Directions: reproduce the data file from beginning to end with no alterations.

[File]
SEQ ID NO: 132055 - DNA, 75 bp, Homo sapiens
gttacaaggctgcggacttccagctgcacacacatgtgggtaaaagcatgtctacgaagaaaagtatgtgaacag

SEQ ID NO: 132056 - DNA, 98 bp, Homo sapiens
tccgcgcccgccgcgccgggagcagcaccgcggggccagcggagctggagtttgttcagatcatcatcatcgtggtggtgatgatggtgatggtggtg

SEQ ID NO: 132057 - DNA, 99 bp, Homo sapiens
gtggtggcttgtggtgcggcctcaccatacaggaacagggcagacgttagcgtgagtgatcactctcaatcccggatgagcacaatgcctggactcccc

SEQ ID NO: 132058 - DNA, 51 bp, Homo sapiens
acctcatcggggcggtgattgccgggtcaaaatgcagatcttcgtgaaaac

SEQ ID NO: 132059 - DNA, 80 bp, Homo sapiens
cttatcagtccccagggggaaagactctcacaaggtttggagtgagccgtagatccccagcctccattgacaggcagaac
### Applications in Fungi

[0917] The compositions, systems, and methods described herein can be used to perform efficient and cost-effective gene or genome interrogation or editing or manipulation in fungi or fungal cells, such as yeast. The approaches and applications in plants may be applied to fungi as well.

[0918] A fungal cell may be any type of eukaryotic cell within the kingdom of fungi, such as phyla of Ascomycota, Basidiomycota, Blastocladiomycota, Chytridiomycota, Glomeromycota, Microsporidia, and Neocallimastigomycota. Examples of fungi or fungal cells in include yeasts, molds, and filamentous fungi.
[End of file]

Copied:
SEQ ID NO: 132055 - DNA, 75 bp, Homo sapiens
gttacaaggctgcggacttccagctgcacacacatgtgggtaaaagcatgtctacgaagaaaagtatgtgaacag

SEQ ID NO: 132056 - DNA, 98 bp, Homo sapiens
tccgcgcccgccgcgccgggagcagcaccgcggggccagcggagctggagtttgttcagatcatcatcatcgtggtggtgatgatggtgatggtggtg

SEQ ID NO: 132057 - DNA, 99 bp, Homo sapiens
gtggtggcttgtggtgcggcctcaccatacaggaacagggcagacgttagcgtgagtgatcactctcaatcccggatgagcacaatgcctggactcccc

SEQ ID NO: 132058 - DNA, 51 bp, Homo sapiens
acctcatcggggcggtgattgccgggtcaaaatgcagatcttcgtgaaaac

SEQ ID NO: 132059 - DNA, 80 bp, Homo sapiens
cttatcagtccccagggggaaagactctcacaaggtttggagtgagccgtagatccccagcctccattgacaggcagaac
### Applications in Fungi

[0917] The compositions, systems, and methods described herein can be used to perform efficient and cost-effective gene or genome interrogation or editing or manipulation in fungi or fungal cells, such as yeast. The approaches and applications in plants may be applied to fungi as well.

[0918] A fungal cell may be any type of eukaryotic cell within the kingdom of fungi, such as phyla of Ascomycota, Basidiomycota, Blastocladiomycota, Chytridiomycota, Glomeromycota, Microsporidia, and Neocallimastigomycota. Examples of fungi or fungal cells in include yeasts, molds, and filamentous fungi.